All the Beauty and the Bloodshed is an epic, emotional, and interconnected story about internationally renowned artist and activist Nan Goldin told through her slideshows, intimate interviews, groundbreaking photography, archival family snapshots and rare footage of her personal fight to hold the Sackler family accountable for the opioid overdose crisis.
The critically acclaimed film premiered at the Venice International Film Festival in the main competition, where it became the second documentary ever to win the Golden Lion for best film. It was the only film to play at Venice, Telluride Film Festival, Toronto International Film Festival, and New York Film Festival in 2022. The film was only the second documentary to be selected as the centerpiece for New York Film Festival.
The film garnered top film critic awards including Best Documentary from the New York Film Critics Circle, Los Angeles Film Critics Association, and National Society of Film Critics. Additionally, All the Beauty and the Bloodshed has been nominated for the BAFTA, Independent Spirit, ACE Eddie, and DGA awards.
Directed by Academy Award-winning filmmaker Laura Poitras, the Oscar nominated documentary All the Beauty and the Bloodshed debuts Sunday, March 19 (9:00-11:00 p.m. ET/PT) on HBO and will be available to stream on HBO Max. The documentary will be available to rent or own beginning on February 28th.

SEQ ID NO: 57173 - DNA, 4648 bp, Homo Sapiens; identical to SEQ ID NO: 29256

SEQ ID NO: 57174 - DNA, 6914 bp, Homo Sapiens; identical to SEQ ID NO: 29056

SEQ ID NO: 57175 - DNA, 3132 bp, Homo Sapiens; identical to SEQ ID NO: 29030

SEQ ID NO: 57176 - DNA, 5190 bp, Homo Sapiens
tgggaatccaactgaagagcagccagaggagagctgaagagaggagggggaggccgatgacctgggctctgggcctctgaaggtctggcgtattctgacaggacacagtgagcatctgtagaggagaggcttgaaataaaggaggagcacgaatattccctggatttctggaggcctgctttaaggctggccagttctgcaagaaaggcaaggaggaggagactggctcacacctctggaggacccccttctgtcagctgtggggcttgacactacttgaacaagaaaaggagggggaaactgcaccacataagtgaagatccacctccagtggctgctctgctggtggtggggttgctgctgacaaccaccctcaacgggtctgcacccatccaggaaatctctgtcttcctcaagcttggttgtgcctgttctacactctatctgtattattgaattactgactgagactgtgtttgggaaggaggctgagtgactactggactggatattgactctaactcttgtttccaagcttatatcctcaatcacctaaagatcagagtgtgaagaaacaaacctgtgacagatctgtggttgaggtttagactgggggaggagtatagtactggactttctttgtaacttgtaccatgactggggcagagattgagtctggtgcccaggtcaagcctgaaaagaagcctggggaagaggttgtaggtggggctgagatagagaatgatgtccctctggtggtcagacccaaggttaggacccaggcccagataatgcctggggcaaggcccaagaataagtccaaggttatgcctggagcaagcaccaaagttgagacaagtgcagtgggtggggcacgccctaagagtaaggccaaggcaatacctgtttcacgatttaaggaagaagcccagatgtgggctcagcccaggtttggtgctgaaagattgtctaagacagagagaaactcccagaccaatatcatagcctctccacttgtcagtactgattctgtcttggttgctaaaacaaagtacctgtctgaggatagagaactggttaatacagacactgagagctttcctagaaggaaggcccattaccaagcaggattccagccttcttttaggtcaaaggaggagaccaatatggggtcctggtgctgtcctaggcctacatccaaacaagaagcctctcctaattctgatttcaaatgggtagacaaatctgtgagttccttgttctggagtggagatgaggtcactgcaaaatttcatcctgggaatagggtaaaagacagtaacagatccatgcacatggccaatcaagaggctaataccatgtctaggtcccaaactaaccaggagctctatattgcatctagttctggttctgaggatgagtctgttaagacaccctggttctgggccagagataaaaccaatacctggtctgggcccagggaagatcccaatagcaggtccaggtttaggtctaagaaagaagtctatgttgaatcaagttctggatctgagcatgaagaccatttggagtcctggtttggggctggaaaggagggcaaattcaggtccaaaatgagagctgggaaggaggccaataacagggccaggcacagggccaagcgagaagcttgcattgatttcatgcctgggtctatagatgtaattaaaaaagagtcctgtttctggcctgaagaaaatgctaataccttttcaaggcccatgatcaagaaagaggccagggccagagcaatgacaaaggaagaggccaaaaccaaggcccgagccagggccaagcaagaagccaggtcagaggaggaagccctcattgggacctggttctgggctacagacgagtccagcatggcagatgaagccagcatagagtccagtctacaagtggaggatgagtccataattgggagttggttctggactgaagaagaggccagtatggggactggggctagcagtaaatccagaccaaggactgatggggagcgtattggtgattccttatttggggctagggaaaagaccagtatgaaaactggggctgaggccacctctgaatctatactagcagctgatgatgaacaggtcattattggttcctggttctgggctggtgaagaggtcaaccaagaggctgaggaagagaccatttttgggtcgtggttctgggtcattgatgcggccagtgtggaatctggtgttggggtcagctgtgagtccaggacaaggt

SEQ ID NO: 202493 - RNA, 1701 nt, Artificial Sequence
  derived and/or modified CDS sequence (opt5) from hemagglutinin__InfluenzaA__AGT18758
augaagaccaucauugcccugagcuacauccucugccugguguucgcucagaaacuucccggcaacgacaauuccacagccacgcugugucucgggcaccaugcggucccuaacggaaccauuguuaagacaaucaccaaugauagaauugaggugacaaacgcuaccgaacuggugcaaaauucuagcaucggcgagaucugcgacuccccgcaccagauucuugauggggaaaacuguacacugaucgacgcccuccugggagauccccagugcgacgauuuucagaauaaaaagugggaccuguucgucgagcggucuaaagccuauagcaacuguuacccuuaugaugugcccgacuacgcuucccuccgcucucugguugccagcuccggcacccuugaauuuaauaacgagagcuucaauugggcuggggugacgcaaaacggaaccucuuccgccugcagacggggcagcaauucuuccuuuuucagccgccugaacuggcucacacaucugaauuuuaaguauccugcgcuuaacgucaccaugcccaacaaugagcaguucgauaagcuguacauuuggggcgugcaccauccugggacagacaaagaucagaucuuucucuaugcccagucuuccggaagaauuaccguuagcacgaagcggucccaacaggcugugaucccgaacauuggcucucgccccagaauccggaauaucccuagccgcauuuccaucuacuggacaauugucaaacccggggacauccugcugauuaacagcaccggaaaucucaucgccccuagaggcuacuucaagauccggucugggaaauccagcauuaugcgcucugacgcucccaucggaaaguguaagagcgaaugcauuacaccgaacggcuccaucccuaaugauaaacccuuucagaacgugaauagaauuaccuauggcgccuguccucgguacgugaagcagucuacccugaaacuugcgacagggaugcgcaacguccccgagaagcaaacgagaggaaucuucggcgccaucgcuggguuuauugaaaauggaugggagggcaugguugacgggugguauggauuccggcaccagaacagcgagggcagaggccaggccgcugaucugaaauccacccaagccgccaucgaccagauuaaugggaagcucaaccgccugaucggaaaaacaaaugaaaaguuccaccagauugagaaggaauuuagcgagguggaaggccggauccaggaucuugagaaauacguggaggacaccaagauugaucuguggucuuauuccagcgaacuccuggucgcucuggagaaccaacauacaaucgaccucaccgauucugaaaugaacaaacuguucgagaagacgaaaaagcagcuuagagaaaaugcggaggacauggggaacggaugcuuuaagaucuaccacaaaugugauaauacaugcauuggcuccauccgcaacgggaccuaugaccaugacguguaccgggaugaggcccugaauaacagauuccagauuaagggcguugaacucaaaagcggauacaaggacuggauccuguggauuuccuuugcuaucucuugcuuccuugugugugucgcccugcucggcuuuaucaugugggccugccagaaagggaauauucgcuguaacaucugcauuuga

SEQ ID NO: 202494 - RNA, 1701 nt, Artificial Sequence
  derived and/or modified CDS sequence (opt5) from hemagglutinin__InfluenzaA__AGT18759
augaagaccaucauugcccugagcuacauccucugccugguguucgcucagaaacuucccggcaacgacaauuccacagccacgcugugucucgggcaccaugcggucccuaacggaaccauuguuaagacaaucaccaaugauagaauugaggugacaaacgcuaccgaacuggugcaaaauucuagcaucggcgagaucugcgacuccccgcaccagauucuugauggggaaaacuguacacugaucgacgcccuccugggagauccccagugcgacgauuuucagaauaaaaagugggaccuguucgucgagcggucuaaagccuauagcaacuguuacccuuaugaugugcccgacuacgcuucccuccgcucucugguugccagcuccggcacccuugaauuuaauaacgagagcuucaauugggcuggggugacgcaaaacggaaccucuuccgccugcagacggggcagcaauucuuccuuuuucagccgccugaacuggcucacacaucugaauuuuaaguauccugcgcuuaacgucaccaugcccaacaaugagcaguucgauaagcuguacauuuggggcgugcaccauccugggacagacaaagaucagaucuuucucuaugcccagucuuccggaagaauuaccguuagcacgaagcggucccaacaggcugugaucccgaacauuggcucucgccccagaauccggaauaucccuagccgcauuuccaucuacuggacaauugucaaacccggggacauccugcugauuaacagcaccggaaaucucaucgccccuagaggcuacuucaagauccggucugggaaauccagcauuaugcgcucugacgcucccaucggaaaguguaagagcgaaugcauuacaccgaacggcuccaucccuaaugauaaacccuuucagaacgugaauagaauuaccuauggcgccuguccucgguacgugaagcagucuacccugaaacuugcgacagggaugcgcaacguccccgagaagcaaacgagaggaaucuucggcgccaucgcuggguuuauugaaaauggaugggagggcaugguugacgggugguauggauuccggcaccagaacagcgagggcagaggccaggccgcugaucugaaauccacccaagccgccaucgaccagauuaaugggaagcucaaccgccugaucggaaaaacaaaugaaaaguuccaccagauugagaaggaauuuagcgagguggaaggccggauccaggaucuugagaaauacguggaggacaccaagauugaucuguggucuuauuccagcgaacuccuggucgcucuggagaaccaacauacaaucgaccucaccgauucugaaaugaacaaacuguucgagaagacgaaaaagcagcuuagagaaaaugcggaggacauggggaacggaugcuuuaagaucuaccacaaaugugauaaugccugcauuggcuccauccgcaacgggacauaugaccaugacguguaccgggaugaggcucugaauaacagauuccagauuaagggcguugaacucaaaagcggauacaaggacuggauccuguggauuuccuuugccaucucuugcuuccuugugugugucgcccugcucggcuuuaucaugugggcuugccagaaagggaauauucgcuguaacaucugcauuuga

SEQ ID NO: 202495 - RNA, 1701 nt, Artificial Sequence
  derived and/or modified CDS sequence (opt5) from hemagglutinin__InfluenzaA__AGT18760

The deeply personal and urgently political film interweaves Goldin’s past and present, from the actions of Prescription Addiction Intervention Now (P.A.I.N.) at renowned art institutions to Goldin’s photography of her friends and peers through her epic “The Ballad of Sexual Dependency,” and her legendary 1989 NEA-censored AIDS exhibition “Witnesses: Against Our Vanishing.”
In these works, Goldin captures her friendships with beauty and raw tenderness. These friendships, and the legacy of her late sister, Barbara Holly Goldin, anchor all of Goldin’s art and are integral to the film. Goldin’s early experiences in suburbia and the effect of toxic families led to her ongoing resistance against a society that oppresses the most stigmatized.
The film follows P.A.I.N., a group Goldin founded to shame museums into rejecting Sackler money, destigmatize addiction, and promote harm reduction. Inspired by Act Up, the group orchestrated protests to expose the Sacklers and the crimes of their Purdue Pharma, the makers of OxyContin.
Watch the official trailer for All the Beauty and the Bloodshed.